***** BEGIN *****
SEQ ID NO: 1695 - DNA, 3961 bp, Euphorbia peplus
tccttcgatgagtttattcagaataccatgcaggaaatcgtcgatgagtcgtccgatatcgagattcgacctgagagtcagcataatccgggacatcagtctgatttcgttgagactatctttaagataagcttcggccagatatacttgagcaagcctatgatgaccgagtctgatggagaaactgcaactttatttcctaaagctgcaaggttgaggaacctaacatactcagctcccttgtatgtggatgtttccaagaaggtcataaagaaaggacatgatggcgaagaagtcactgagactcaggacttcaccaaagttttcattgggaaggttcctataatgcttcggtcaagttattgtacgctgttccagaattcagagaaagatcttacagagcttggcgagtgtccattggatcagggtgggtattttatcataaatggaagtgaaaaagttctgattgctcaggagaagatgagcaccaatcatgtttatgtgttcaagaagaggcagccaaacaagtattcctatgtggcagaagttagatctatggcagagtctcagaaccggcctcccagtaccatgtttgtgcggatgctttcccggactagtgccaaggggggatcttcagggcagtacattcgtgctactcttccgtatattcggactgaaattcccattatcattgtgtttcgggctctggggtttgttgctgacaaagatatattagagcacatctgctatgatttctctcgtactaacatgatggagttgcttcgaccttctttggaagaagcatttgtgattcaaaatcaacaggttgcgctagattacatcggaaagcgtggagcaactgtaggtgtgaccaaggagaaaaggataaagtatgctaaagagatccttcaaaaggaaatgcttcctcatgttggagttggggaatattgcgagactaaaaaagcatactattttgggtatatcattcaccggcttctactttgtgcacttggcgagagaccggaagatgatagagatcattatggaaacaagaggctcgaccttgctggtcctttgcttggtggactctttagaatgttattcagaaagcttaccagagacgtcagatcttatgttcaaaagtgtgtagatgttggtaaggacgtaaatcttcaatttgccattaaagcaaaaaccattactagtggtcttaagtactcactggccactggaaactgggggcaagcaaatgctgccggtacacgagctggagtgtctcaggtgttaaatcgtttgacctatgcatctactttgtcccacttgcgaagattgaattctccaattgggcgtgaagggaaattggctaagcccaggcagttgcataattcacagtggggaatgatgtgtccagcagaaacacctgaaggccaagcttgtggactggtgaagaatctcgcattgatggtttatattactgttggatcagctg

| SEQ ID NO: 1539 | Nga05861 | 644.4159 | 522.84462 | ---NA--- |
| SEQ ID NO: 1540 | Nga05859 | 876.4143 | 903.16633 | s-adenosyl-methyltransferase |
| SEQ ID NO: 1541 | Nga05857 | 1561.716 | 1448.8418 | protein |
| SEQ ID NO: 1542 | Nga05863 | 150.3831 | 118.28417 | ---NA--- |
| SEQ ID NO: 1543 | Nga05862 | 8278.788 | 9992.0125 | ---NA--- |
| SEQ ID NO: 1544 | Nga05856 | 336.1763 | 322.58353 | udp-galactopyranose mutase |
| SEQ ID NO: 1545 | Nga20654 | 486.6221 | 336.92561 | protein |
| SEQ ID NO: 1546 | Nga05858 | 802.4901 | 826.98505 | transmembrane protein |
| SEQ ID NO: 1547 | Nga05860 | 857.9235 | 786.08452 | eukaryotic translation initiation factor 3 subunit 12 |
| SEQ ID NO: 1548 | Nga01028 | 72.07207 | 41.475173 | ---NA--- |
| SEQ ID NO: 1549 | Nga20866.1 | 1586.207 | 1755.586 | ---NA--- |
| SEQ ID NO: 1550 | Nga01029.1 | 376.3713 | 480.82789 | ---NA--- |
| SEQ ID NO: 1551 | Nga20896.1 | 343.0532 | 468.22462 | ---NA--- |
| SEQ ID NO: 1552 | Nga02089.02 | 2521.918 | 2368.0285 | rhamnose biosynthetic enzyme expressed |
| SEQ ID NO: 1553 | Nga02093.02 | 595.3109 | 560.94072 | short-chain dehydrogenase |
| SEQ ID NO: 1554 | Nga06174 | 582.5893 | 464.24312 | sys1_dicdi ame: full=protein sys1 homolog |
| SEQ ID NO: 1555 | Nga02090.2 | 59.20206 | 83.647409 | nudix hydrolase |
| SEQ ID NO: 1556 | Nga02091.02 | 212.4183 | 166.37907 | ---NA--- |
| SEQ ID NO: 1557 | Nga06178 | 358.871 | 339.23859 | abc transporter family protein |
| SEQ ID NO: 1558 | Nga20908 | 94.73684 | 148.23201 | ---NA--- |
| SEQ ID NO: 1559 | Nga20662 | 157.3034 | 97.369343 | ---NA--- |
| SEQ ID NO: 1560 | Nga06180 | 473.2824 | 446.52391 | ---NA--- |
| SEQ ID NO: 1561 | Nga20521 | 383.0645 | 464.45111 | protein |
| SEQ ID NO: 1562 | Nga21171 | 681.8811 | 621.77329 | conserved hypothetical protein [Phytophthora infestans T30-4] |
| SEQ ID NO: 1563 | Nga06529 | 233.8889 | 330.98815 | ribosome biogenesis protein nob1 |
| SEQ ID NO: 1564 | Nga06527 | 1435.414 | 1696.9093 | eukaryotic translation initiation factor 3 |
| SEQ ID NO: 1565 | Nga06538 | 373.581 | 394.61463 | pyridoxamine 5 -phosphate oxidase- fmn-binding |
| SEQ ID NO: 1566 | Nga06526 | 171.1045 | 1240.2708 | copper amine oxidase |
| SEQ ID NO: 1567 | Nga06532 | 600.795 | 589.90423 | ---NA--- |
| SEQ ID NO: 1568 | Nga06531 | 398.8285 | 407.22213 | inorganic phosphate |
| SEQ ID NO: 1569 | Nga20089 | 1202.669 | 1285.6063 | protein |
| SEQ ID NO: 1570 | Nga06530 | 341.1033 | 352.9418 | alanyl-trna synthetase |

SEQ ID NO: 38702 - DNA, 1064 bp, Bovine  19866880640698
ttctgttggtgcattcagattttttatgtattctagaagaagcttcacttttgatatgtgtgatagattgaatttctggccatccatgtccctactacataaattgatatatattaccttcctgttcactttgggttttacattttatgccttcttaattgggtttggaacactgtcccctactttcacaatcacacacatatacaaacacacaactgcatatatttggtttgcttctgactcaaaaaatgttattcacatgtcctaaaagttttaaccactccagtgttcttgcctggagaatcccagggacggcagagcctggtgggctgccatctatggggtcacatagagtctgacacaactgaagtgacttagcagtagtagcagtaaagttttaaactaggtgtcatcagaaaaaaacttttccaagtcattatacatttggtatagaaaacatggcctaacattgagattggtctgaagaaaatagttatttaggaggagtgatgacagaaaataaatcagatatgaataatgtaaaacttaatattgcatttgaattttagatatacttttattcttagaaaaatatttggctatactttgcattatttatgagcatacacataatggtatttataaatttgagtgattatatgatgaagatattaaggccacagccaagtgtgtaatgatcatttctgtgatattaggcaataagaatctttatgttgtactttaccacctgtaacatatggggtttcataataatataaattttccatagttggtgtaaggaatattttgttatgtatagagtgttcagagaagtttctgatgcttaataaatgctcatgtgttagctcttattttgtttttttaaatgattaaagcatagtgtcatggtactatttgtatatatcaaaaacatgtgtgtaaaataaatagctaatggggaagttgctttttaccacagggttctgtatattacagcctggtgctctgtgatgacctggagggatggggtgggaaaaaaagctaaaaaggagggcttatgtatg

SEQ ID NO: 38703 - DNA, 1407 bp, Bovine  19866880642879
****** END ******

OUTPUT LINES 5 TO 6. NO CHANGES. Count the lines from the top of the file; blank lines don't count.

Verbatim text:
| SEQ ID NO: 1541 | Nga05857 | 1561.716 | 1448.8418 | protein |
| SEQ ID NO: 1542 | Nga05863 | 150.3831 | 118.28417 | ---NA--- |